• E-quality and e-service equality

      Shachaf, Pnina; Oltmann, Shannon M. (IEEE Press, 2007)
      Research is divided about the potential of e-service to bridge communication gaps, particularly to diverse user groups. According to the existing body of literature, e-service may increase or decrease the quality of service received. This study analyzes the level of service received by different genders and ethnic groups when public librarians answer online reference queries. Quality of e-service was evaluated along three dimensions: responsiveness, reliability, and courtesy. This study found no significant differences among different user groups along any of these dimensions, supporting the argument that the virtual environment facilitates equitable service and may overcome some challenges of diverse user groups.
    • E-quality and e-service equality

      Shachaf, Pnina; Oltmann, Shannon M. (IEEE Press, 2007)
      Research is divided about the potential of e-service to bridge communication gaps, particularly to diverse user groups. According to the existing body of literature, e-service may increase or decrease the quality of service received. This study analyzes the level of service received by different genders and ethnic groups when public librarians answer online reference queries. Quality of e-service was evaluated along three dimensions: responsiveness, reliability, and courtesy. This study found no significant differences among different user groups along any of these dimensions, supporting the argument that the virtual environment facilitates equitable service and may overcome some challenges of diverse user groups.
    • Service Equality in Virtual Reference

      Shachaf, Pnina; Oltmann, Shannon M.; Horowitz, Sarah M. (2008)
      Research is divided about the potential of e-service to bridge communication gaps, particularly to diverse user groups. According to the existing body of literature, eservice may either increase or decrease the quality of service received. This study analyzes the level of service received by different genders and ethnic groups when academic and public librarians answer 676 online reference queries. Quality of e-service was evaluated along three dimensions: timely response, reliability, and courtesy. This study found no significant differences among different user groups along any of these dimensions, supporting the argument that the virtual environment facilitates equitable service and may overcome some challenges of diverse user groups.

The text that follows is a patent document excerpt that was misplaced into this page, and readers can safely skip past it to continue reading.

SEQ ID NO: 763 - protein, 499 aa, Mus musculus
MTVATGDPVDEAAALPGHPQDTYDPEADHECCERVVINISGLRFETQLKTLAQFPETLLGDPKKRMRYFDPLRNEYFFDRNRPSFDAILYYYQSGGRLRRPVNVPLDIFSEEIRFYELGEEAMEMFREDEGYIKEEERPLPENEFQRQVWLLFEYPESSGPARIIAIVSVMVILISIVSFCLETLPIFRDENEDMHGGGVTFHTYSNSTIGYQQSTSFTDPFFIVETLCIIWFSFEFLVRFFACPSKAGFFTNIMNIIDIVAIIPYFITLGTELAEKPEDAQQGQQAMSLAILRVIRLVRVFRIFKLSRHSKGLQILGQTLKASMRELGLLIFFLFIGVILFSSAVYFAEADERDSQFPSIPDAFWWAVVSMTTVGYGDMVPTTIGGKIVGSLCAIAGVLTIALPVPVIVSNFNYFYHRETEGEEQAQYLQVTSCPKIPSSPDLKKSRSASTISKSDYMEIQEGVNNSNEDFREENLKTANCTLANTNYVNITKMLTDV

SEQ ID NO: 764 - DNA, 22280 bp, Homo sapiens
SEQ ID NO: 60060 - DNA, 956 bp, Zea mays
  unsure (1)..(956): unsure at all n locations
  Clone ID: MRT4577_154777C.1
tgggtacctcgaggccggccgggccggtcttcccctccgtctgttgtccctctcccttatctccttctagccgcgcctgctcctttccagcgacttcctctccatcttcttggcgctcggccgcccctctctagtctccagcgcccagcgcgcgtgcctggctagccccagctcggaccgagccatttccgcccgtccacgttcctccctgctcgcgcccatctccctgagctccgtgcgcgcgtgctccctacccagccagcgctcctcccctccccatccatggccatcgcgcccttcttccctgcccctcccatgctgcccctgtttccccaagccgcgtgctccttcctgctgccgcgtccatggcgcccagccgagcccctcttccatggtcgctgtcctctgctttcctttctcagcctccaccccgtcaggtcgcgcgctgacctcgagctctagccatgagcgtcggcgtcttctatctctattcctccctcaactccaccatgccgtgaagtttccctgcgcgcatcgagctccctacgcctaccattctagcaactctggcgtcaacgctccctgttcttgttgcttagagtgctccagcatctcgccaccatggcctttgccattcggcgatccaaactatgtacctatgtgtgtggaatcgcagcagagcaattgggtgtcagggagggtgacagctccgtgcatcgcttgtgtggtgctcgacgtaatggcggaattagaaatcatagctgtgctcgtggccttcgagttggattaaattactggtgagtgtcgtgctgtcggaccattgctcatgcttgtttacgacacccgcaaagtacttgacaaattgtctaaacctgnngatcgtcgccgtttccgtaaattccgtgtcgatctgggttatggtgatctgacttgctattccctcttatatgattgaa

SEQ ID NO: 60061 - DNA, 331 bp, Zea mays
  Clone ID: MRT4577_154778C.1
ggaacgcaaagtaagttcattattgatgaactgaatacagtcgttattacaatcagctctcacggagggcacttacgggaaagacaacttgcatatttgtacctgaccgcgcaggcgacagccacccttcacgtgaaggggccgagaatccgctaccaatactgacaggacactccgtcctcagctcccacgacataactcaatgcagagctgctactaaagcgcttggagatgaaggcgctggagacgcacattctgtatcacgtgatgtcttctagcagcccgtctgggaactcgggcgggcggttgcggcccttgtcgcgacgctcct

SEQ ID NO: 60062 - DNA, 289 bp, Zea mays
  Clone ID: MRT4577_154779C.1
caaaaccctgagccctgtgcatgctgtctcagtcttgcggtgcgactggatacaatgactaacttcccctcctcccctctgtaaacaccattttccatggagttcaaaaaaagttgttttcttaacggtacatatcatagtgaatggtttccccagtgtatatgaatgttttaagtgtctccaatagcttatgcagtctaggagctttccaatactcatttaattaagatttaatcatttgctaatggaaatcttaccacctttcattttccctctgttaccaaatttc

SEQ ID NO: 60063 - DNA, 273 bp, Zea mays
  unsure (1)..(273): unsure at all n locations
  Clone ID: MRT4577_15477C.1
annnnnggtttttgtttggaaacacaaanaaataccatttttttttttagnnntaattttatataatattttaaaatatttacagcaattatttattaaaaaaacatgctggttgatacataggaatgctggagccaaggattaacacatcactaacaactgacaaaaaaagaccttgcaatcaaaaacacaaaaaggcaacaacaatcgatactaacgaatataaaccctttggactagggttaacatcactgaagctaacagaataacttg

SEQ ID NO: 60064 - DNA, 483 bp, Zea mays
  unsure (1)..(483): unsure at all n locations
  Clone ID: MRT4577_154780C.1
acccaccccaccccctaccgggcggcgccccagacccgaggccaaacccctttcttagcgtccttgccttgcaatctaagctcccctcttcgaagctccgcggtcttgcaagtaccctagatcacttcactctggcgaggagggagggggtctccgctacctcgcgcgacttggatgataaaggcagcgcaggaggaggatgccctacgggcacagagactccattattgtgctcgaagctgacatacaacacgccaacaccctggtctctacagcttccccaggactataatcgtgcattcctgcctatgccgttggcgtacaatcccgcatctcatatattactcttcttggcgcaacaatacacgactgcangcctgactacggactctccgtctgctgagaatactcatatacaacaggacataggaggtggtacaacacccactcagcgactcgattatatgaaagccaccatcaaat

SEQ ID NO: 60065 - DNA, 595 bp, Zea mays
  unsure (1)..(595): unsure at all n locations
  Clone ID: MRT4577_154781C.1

• Service Equality in Virtual Reference

      Shachaf, Pnina; Oltmann, Shannon M.; Horowitz, Sarah M. (2008)
      Research is divided about the potential of e-service to bridge communication gaps, particularly to diverse user groups. According to the existing body of literature, eservice may either increase or decrease the quality of service received. This study analyzes the level of service received by different genders and ethnic groups when academic and public librarians answer 676 online reference queries. Quality of e-service was evaluated along three dimensions: timely response, reliability, and courtesy. This study found no significant differences among different user groups along any of these dimensions, supporting the argument that the virtual environment facilitates equitable service and may overcome some challenges of diverse user groups.
    • SI2: Social Informatics and Symbolic Interactionism: A Conceptual Exploration

      Oltmann, Shannon M. (2007)
      This is a submission to the 3rd Annual Social Informatics SIG Research Symposium: The Social Web, Social Computing and the Social Analysis of Computing. This conceptual essay explores how symbolic interactionism can inform social informatics, particularly in the study of socially constructed concepts such as privacy. Examining how physical and virtual objects are defined and constructed can be, and often is, a significant component of social informatics investigations (Kling, 2000; Kling, Rosenbaum, & Sawyer, 2005). Perhaps this is particularly important in domains were those constructions are still emerging, or are in the process of changing, as in Web 2.0. Thus, this essay suggests that social informatics can use symbolic interactionism as a theoretical underpinning to analyzing various aspects of Web 2.0. In the following sections, I review symbolic interactionism, demonstrate how it complements social informatics perspectives, and illustrate how it could inform social informatics research by examining privacy in the context of Web 2.0.